So how can you resist the urge to dismiss the whole enterprise as the squawks of leftist harpies? A few names suggest the answer: Andrei Sakharov, Liu Xiaobo, Lech Walesa, Norman Borlaug, Aung San Suu Kyi. And there were others. The Nobel Peace Prize has the capacity to make an instant worldwide celebrity. No other recognition carries so much prestige — and that prestige can make a material difference. Lech Walesa said the prize changed everything for him, for Poland, and for the defeat of communism. "The Nobel prize blew a strong wind into our sail. Without that prize, it would have been very difficult to continue struggling."

The Nobel Committee honored a German prisoner of conscience in 1936, Carl von Ossietsky, when making such an award was not without risk. The Swedes were vexed with the Norwegians for an act they regarded as needlessly provocative towards Nazi Germany. The Germans were so angry that they forbade Germans from accepting any future Nobel prizes, including those for science and literature. It was a response that would be copied by other totalitarian states. The Soviets created the Lenin Prize to compete with the Nobel, and the Chinese initiated the Confucius Prize after Liu Xiaobo was honored.

"Peace, They Say" introduces a fascinating gallery of heroes, fools and dreamers. Every prize includes a story. Some are uplifting, some are galling, and others are poignant. Henry Kissinger, whose shared prize with Le Duc Tho was among the most controversial in the history of the honor, told Elie Wiesel on the occasion of the latter's 1986 prize: "I was not proud of my Nobel, but I am of yours."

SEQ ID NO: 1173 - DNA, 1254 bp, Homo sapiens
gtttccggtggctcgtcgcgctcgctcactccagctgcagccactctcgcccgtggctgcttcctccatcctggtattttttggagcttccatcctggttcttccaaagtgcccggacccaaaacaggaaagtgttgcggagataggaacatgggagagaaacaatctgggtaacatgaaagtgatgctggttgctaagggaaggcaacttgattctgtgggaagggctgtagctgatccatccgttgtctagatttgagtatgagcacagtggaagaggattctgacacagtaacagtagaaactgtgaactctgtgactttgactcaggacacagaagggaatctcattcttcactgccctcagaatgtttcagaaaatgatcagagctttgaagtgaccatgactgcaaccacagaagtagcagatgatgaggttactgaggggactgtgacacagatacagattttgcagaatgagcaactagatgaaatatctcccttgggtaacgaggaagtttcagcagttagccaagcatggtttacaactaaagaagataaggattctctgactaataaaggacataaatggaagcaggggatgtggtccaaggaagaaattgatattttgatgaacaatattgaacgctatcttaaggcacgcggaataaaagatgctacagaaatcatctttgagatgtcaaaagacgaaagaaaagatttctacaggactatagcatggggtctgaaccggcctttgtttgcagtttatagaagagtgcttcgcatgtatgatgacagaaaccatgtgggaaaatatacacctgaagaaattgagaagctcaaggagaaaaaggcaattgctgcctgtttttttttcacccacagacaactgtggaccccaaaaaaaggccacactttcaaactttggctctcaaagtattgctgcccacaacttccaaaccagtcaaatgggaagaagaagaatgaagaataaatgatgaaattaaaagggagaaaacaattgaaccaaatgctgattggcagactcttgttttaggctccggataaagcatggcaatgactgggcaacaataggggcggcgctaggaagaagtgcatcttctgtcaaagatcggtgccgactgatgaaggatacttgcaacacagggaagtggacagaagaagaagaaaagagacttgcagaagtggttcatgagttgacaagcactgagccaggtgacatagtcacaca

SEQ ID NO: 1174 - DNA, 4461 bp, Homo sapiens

Nordlinger is an engaging and wise tour guide, offering reflections along the way on the nature of peace and its maintenance, the folly of moral equivalence, and the pitfalls of disarmament. No one is better versed in the zeitgeist that produced so many groan-inducing prizes — and yet Nordlinger makes a persuasive case that, on balance, the Nobel Peace Prize is a worthwhile institution.

To find out more about Mona Charen and read features by other Creators Syndicate columnists and cartoonists, visit the Creators Syndicate web page at www.creators.com.

COPYRIGHT 2012 CREATORS.COM

 



Comments

4 Comments | Post Comment
Tom, I read both last minute messages directed to me from Ms. Charen's previous column "If Obama Had A Son". , which you wrote at the last minute. Unfortunately, it's a new column and though I did answer, I'll post it here also, so you know your words didn't fall on deaf ears.